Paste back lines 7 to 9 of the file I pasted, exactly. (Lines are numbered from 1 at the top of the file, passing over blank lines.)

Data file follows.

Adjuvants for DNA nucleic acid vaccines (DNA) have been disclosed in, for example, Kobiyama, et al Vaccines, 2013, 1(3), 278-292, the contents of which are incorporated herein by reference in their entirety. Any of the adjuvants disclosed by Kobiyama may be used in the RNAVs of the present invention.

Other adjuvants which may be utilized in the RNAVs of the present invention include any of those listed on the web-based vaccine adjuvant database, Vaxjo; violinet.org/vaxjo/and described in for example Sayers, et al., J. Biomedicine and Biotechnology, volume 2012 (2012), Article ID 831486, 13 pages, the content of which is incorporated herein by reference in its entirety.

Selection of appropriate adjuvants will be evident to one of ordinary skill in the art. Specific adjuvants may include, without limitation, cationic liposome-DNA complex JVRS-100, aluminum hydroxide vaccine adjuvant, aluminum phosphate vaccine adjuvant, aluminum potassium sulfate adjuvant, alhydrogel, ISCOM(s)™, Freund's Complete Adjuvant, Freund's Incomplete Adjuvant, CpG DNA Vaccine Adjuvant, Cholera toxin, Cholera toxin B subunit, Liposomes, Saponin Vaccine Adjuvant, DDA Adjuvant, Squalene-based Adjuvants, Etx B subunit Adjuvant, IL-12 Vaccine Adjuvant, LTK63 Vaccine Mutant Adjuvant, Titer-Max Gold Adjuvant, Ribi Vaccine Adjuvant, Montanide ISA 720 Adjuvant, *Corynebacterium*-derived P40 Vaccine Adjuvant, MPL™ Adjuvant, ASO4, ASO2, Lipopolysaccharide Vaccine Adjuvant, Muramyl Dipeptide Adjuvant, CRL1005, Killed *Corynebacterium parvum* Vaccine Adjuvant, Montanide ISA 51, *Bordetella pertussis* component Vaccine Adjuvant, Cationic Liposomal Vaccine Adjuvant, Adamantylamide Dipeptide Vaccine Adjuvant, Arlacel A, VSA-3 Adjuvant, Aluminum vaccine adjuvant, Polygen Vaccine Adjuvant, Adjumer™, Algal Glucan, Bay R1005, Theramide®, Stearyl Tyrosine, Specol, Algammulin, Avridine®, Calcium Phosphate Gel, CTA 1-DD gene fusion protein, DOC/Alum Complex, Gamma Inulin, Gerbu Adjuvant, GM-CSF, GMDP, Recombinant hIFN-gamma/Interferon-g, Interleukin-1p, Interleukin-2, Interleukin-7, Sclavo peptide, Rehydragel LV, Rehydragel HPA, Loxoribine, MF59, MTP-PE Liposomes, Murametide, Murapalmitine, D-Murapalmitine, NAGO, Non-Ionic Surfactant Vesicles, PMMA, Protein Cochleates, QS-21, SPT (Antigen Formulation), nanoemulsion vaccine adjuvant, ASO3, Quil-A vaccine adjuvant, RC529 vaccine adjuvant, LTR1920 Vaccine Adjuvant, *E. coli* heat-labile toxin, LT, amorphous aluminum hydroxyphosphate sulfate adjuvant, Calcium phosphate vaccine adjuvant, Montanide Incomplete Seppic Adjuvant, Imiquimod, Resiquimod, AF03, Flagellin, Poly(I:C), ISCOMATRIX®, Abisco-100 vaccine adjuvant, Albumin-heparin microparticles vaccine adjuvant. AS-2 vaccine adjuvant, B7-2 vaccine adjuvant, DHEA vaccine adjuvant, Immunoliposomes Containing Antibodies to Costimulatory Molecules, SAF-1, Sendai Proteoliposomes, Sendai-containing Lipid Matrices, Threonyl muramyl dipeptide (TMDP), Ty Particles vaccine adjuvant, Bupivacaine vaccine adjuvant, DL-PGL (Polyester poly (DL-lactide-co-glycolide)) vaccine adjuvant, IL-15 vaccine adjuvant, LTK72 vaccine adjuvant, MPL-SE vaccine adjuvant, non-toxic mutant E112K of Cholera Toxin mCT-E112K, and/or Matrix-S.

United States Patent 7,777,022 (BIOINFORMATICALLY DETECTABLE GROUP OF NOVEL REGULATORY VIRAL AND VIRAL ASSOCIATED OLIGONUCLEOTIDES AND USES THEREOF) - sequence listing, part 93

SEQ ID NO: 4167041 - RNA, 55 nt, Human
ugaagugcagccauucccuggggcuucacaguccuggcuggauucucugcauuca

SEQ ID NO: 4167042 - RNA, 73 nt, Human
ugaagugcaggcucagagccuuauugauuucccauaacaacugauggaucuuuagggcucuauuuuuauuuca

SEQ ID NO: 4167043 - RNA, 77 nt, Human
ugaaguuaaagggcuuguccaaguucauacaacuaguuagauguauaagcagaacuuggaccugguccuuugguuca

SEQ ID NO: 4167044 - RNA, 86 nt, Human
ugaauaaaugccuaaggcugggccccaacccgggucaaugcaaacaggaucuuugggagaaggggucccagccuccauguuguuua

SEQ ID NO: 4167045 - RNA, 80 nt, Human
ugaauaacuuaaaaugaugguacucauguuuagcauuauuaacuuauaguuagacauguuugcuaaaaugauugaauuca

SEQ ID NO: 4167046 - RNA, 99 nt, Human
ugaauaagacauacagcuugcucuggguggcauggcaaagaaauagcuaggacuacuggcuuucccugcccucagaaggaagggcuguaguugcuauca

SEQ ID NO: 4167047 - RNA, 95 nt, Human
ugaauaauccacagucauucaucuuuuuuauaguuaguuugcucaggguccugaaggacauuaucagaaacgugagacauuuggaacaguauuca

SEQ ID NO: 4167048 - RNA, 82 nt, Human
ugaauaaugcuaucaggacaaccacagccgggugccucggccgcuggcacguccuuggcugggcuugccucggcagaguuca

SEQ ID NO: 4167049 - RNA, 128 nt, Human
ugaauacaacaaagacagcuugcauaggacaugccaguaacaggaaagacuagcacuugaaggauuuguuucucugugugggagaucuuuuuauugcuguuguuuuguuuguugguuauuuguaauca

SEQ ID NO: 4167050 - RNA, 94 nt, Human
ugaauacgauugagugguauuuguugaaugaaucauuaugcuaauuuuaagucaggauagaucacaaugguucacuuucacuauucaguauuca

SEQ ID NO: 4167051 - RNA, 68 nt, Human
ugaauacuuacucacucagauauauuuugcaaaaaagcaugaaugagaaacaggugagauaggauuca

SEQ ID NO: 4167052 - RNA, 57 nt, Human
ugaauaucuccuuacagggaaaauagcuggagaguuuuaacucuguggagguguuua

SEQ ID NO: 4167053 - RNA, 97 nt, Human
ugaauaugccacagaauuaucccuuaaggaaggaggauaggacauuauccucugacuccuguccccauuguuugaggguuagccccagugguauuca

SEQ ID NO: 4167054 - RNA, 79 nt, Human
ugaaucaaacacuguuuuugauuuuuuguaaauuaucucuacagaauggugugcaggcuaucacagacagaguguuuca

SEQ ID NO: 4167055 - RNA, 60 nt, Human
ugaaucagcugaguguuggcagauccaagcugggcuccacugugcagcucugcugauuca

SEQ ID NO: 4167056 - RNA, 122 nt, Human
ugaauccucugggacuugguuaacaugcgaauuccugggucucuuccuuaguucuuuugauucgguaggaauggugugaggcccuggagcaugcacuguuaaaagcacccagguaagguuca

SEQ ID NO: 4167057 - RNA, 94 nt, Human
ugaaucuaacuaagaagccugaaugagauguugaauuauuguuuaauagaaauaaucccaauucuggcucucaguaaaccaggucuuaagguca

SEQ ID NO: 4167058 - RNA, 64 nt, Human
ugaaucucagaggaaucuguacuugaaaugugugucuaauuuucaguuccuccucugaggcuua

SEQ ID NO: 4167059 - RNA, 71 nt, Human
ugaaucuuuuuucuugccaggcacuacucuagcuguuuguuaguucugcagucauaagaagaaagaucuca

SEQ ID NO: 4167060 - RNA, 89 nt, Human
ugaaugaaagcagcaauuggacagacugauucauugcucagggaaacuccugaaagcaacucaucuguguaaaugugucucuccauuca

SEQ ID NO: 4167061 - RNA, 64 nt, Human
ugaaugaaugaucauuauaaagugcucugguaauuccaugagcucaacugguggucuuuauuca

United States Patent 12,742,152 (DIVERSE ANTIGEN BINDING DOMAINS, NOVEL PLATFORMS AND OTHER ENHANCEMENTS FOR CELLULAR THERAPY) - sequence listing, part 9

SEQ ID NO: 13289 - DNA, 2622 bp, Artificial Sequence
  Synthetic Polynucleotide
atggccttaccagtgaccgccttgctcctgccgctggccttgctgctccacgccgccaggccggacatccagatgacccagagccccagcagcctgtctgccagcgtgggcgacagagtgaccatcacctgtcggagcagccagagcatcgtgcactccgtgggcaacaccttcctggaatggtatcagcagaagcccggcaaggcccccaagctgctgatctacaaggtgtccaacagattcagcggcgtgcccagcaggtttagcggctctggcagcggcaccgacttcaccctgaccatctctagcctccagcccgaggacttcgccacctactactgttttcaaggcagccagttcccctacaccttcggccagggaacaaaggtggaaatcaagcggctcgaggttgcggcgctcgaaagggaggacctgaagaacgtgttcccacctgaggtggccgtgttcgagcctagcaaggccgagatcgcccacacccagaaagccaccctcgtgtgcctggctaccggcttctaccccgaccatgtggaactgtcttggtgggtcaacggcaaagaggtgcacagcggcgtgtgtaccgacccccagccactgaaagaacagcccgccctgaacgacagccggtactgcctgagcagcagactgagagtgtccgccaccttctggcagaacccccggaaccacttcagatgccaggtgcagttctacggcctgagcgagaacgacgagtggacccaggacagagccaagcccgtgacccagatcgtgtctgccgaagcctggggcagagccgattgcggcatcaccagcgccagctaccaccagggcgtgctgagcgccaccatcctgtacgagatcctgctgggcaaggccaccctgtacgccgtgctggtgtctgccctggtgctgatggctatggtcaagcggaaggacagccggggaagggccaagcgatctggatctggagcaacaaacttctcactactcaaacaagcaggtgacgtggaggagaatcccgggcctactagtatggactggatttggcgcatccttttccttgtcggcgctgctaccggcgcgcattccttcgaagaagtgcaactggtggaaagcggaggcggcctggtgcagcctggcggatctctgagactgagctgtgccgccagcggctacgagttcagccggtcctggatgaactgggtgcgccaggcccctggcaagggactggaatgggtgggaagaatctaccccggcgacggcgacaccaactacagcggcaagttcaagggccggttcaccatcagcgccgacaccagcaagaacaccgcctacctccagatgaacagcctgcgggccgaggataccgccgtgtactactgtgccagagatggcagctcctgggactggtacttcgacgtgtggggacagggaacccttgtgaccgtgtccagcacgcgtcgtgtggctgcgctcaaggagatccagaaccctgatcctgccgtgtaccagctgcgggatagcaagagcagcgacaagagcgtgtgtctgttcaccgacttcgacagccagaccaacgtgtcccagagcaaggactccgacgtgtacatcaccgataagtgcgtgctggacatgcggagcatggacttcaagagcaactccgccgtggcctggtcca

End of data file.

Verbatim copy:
SEQ ID NO: 4167042 - RNA, 73 nt, Human
ugaagugcaggcucagagccuuauugauuucccauaacaacugauggaucuuuagggcucuauuuuuauuuca

SEQ ID NO: 4167043 - RNA, 77 nt, Human